1.) Go to school for two years. During these two years, life will just have to pretty much continue as it has been for awhile and I’m just kind of planning on learning to be okay with things the way they are and extract what joy I can from the situation while I wait it all out.

2.) Once out of school, I will start really aggressively paying down my debt, something I am unable to do right now, and which will be greatly aided by the tips I will receive (no matter how paltry they may be as I’m just starting out with no client base whatsoever). All of this is also aided by the simple fact that, even if I pay only the minimum payments on my credit cards the whole time I’m in school, that’s still gonna be at least $1600 of each credit card balance paid down by the time I’m out of school anyway. So I’ll have started before I’ve even begun, in a sense. I’m hoping to be completely out of credit card debt within five years from now, but even if I’ve just substantially diminished it by that point I will be satisfied.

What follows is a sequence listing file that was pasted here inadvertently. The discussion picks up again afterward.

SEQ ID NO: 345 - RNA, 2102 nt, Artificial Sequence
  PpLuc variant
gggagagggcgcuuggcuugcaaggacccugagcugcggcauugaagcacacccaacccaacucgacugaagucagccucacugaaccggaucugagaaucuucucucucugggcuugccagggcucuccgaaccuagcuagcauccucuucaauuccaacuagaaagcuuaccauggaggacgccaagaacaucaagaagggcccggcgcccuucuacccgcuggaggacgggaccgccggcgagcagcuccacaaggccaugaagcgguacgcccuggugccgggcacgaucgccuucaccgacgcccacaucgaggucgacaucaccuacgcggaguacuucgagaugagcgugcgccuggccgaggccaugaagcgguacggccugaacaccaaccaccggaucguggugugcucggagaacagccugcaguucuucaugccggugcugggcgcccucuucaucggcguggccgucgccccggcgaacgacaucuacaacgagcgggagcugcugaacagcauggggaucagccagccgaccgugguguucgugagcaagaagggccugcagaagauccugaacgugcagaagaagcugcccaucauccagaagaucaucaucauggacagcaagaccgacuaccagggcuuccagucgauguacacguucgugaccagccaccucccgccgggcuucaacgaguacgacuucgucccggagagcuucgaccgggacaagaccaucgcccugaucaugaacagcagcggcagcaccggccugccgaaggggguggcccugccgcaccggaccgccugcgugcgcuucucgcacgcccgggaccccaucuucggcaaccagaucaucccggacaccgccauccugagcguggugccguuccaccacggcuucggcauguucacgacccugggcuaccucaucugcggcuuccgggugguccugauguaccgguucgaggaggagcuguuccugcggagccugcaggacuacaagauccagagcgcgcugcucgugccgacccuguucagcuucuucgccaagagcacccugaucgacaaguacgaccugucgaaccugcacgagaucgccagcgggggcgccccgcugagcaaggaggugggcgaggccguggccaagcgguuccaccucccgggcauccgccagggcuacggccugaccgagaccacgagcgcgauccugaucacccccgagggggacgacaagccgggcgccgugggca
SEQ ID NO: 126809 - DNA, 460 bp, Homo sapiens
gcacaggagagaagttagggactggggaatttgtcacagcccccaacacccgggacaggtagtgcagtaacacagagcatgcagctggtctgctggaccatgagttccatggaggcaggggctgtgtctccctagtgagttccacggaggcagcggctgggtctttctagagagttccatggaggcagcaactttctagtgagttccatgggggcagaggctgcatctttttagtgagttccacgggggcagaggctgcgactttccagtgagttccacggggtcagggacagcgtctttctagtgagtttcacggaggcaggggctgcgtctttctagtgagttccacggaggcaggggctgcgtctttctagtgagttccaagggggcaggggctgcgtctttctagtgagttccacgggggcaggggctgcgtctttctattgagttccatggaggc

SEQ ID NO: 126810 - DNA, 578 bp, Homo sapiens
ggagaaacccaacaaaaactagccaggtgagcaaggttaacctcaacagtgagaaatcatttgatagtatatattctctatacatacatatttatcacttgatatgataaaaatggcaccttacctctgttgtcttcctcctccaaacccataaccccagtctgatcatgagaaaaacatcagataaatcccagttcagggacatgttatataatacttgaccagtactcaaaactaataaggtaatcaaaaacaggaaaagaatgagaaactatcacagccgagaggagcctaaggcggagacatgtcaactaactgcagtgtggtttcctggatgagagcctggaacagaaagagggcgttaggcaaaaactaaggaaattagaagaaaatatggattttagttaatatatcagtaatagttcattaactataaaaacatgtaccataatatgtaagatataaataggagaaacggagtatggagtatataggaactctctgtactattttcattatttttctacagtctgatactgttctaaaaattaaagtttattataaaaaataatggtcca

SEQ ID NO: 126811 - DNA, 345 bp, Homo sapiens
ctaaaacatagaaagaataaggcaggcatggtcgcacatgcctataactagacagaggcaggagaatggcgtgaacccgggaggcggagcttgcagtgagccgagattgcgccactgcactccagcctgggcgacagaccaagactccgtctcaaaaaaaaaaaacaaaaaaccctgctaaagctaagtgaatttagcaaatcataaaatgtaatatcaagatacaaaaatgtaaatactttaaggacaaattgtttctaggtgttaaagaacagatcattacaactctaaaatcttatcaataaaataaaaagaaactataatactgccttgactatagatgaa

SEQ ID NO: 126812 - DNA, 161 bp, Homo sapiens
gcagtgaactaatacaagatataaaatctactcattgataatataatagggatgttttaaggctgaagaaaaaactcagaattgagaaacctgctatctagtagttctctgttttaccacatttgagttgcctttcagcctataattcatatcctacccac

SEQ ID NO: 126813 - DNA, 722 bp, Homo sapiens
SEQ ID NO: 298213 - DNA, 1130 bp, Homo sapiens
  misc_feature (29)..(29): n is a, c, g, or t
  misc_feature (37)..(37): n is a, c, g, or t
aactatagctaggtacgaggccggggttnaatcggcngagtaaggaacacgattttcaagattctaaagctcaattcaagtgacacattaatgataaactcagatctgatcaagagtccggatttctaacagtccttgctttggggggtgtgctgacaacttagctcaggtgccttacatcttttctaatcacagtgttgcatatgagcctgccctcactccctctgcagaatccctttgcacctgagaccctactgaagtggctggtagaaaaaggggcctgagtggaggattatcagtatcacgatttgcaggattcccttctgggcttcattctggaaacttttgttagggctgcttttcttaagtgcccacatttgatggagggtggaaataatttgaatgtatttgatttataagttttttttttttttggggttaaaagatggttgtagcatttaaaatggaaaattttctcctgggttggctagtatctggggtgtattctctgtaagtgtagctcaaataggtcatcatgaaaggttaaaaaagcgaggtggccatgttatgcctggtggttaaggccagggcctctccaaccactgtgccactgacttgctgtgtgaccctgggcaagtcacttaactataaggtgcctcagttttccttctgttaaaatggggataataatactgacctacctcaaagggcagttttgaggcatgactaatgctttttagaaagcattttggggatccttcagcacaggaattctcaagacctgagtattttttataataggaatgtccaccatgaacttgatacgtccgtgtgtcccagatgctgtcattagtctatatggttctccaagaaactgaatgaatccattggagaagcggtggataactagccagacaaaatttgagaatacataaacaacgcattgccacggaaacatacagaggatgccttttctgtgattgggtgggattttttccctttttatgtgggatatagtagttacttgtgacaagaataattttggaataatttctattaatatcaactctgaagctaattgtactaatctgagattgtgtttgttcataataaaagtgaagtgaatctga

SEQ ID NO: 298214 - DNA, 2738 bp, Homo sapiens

3.) Also, in about five years from now I will have made my last car payment, which will also wipe out that particular debt. Once my credit card debt is paid down/gone and once my car payment is gone, even if i was making the exact same money I am now (but I’ll be making more because of tips, and also because I assume I’ll get at least one more raise during this five year period), I would pretty much be on easy street. A lot of what is making everything feel so unbearable right now financially is because I have so much debt. Once freed from all that, I would have much more money with which to truly gain financial independence, and with which I could just plain do more of what I like.